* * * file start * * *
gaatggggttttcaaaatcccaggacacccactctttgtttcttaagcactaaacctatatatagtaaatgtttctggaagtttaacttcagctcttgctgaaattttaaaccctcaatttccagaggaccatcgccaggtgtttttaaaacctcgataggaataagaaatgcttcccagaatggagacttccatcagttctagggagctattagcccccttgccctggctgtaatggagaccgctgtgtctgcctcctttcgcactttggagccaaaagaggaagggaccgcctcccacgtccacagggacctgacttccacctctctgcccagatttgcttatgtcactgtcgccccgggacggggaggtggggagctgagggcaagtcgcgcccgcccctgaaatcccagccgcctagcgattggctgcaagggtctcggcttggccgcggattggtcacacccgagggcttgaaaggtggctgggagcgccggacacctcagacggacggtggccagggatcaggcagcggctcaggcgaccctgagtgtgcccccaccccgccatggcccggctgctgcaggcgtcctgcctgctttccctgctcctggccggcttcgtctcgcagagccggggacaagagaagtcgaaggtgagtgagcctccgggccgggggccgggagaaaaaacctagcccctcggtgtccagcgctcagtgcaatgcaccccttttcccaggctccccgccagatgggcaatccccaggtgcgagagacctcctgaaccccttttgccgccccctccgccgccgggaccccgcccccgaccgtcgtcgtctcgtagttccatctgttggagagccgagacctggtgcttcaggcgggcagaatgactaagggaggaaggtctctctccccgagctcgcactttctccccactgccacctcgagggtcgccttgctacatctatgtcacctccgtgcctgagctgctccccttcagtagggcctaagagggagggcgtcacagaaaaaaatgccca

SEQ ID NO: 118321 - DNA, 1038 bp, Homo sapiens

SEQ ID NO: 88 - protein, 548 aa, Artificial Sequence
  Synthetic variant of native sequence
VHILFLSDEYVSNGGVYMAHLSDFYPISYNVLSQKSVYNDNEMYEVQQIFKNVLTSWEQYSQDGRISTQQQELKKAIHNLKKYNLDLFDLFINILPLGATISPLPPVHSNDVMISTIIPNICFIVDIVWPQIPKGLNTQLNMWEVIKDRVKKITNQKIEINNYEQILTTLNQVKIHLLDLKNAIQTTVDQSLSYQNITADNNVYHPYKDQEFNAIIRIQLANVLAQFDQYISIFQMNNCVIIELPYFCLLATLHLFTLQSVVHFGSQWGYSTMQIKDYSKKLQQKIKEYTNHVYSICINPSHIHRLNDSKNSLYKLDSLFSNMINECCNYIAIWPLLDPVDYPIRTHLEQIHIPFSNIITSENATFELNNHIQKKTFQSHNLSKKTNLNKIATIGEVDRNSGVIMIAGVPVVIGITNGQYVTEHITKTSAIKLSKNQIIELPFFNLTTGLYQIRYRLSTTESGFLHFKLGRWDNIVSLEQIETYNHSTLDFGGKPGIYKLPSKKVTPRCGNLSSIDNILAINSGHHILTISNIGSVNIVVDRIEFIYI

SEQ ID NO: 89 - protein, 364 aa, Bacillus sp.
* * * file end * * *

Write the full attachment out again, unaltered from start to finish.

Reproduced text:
gaatggggttttcaaaatcccaggacacccactctttgtttcttaagcactaaacctatatatagtaaatgtttctggaagtttaacttcagctcttgctgaaattttaaaccctcaatttccagaggaccatcgccaggtgtttttaaaacctcgataggaataagaaatgcttcccagaatggagacttccatcagttctagggagctattagcccccttgccctggctgtaatggagaccgctgtgtctgcctcctttcgcactttggagccaaaagaggaagggaccgcctcccacgtccacagggacctgacttccacctctctgcccagatttgcttatgtcactgtcgccccgggacggggaggtggggagctgagggcaagtcgcgcccgcccctgaaatcccagccgcctagcgattggctgcaagggtctcggcttggccgcggattggtcacacccgagggcttgaaaggtggctgggagcgccggacacctcagacggacggtggccagggatcaggcagcggctcaggcgaccctgagtgtgcccccaccccgccatggcccggctgctgcaggcgtcctgcctgctttccctgctcctggccggcttcgtctcgcagagccggggacaagagaagtcgaaggtgagtgagcctccgggccgggggccgggagaaaaaacctagcccctcggtgtccagcgctcagtgcaatgcaccccttttcccaggctccccgccagatgggcaatccccaggtgcgagagacctcctgaaccccttttgccgccccctccgccgccgggaccccgcccccgaccgtcgtcgtctcgtagttccatctgttggagagccgagacctggtgcttcaggcgggcagaatgactaagggaggaaggtctctctccccgagctcgcactttctccccactgccacctcgagggtcgccttgctacatctatgtcacctccgtgcctgagctgctccccttcagtagggcctaagagggagggcgtcacagaaaaaaatgccca

SEQ ID NO: 118321 - DNA, 1038 bp, Homo sapiens

SEQ ID NO: 88 - protein, 548 aa, Artificial Sequence
  Synthetic variant of native sequence
VHILFLSDEYVSNGGVYMAHLSDFYPISYNVLSQKSVYNDNEMYEVQQIFKNVLTSWEQYSQDGRISTQQQELKKAIHNLKKYNLDLFDLFINILPLGATISPLPPVHSNDVMISTIIPNICFIVDIVWPQIPKGLNTQLNMWEVIKDRVKKITNQKIEINNYEQILTTLNQVKIHLLDLKNAIQTTVDQSLSYQNITADNNVYHPYKDQEFNAIIRIQLANVLAQFDQYISIFQMNNCVIIELPYFCLLATLHLFTLQSVVHFGSQWGYSTMQIKDYSKKLQQKIKEYTNHVYSICINPSHIHRLNDSKNSLYKLDSLFSNMINECCNYIAIWPLLDPVDYPIRTHLEQIHIPFSNIITSENATFELNNHIQKKTFQSHNLSKKTNLNKIATIGEVDRNSGVIMIAGVPVVIGITNGQYVTEHITKTSAIKLSKNQIIELPFFNLTTGLYQIRYRLSTTESGFLHFKLGRWDNIVSLEQIETYNHSTLDFGGKPGIYKLPSKKVTPRCGNLSSIDNILAINSGHHILTISNIGSVNIVVDRIEFIYI

SEQ ID NO: 89 - protein, 364 aa, Bacillus sp.